What is it?
Accessible through an extensive and elaborate API, Elasticsearch can power extremely fast searches that support your data discovery applications. Elasticsearch is a schema-less database that has powerful search capabilities and is easy to scale horizontally.
Benefits of using Elasticsearch
Conventional SQL database managements systems are really designed for full-text searches, and they certainly perform well against loosely structured raw data that resides outside the database. On the same hardware, queries that would take more than 10 seconds using SQL will return results in under 10 milliseconds in Elasticsearch.
During an indexing operation, Elasticsearch converts raw data such as log files or message files into internal documents and stores them in a basic data structure similar to a JSON object. Each document is a simple set of correlating keys and values: the keys are strings, and the values are one of numerous data types—strings, numbers, dates, or lists.
All fields are indexed by default, and all the indices can be used in a single query, to easily return complex results at breathtaking speed
Adding documents to Elasticsearch is easy — and it’s easy to automate. Simply do an HTTP POST that transmits your document as a simple JSON object? Searches are also done with JSON: send your query in an HTTP GET with a JSON body. Important to remember that Elasticsearch is a relational database, so DBMS concepts usually apply. The most important concept that you must set aside when coming over from conventional databases is normalization.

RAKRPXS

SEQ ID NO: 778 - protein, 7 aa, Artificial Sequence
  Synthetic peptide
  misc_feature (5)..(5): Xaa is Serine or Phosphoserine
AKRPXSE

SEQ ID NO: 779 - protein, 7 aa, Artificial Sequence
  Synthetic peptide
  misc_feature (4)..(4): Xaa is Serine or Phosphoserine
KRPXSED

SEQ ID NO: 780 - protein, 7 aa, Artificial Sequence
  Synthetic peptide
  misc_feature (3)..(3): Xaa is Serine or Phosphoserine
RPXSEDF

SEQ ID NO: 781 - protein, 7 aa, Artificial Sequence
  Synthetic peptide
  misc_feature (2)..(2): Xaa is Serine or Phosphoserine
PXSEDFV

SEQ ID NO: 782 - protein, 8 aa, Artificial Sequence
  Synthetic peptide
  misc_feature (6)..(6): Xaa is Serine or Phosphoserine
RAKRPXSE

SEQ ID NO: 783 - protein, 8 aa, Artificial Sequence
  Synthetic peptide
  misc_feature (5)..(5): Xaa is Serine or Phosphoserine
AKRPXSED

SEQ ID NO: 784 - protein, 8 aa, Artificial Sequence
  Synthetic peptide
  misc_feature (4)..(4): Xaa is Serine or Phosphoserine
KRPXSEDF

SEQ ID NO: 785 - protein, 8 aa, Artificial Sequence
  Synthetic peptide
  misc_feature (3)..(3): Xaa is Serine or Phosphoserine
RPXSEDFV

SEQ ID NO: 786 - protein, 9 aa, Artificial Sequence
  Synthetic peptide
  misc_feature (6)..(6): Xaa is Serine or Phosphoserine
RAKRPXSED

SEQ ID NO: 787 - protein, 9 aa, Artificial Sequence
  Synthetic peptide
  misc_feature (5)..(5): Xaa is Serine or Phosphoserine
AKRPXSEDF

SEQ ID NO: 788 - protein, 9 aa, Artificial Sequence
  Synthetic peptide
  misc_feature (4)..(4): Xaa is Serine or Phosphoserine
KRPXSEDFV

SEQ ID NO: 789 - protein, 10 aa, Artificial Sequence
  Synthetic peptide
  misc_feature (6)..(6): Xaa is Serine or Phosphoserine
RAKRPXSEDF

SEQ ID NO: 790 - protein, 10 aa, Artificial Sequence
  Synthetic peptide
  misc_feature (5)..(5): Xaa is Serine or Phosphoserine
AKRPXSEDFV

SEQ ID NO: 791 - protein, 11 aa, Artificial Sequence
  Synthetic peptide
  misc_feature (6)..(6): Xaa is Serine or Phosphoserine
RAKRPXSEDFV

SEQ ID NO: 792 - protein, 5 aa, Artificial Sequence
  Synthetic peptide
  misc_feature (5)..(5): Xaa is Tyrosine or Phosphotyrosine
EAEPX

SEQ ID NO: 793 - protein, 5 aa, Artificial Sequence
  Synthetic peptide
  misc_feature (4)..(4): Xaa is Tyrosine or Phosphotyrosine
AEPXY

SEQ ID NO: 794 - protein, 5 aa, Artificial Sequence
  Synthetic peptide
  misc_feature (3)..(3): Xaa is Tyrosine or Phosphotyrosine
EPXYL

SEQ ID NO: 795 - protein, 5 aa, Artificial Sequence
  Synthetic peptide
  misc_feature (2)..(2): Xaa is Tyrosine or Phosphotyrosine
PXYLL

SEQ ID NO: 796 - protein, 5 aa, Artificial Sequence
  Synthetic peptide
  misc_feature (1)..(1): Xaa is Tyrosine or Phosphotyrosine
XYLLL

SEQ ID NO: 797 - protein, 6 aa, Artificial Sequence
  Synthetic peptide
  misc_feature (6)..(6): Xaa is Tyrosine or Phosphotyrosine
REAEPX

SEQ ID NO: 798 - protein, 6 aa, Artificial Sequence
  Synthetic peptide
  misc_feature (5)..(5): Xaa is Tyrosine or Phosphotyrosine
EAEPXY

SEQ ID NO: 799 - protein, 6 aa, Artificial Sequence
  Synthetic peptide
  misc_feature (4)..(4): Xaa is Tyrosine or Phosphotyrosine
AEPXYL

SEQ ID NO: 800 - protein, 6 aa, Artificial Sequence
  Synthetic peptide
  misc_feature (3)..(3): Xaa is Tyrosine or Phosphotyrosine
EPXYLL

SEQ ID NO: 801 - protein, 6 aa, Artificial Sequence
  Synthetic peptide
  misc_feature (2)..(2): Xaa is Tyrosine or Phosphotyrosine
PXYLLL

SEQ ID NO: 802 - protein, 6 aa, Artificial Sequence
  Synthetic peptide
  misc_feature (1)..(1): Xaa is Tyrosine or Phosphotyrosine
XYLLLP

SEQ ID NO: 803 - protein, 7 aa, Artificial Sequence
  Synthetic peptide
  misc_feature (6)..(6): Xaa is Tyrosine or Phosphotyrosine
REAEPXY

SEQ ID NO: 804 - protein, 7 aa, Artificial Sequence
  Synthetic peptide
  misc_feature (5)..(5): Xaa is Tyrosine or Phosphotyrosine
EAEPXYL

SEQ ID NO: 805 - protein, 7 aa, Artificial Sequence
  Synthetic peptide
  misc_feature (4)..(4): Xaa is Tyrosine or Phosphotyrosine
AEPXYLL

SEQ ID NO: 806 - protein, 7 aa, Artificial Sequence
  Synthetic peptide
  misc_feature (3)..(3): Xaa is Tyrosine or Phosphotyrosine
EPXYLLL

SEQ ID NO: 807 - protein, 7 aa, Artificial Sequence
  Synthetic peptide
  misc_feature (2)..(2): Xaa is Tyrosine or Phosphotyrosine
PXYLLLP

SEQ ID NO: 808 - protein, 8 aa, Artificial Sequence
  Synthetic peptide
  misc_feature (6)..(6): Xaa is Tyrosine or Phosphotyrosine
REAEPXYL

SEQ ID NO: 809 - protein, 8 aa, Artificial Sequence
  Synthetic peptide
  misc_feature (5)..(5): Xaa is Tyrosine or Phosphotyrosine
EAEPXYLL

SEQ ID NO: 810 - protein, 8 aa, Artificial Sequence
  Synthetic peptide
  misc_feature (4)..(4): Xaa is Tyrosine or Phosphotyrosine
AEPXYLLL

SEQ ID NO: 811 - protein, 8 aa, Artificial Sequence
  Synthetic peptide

Native Elasticsearch permit joins or sub queries, so denormalizing your data is essential. Elasticsearch can scale up to thousands of servers and accommodate petabytes of data. Its enormous capacity results directly from its elaborate distributed architecture. Elasticsearch is API driven almost any action can be performed using a simple RESTful API using JSON over HTTP. Client libraries are available for many programming languages.
Indexing Big Data with Elasticsearch
This leads to a real challenge; to act ahead and figure out a way to store and analyze huge amounts of data as efficiently as possible and to make that data easily searchable for our users, by providing them with advanced queries. Elasticsearch is schema-free and document-oriented. It stores complex real world entities in Elasticsearch as structured JSON documents.
“Elastic is document-oriented, meaning that it stores entire objects or ‘documents’. It not only stores them, but also indexes the contents of each document in order to make them searchable. You also have full control to customize how your data is indexed. It simplifies the analytics process by improving the speed of data retrieval process on a database table.
Authors: Shamali Kurukulasuriya, Sashika Robertson and Nipuna Gomes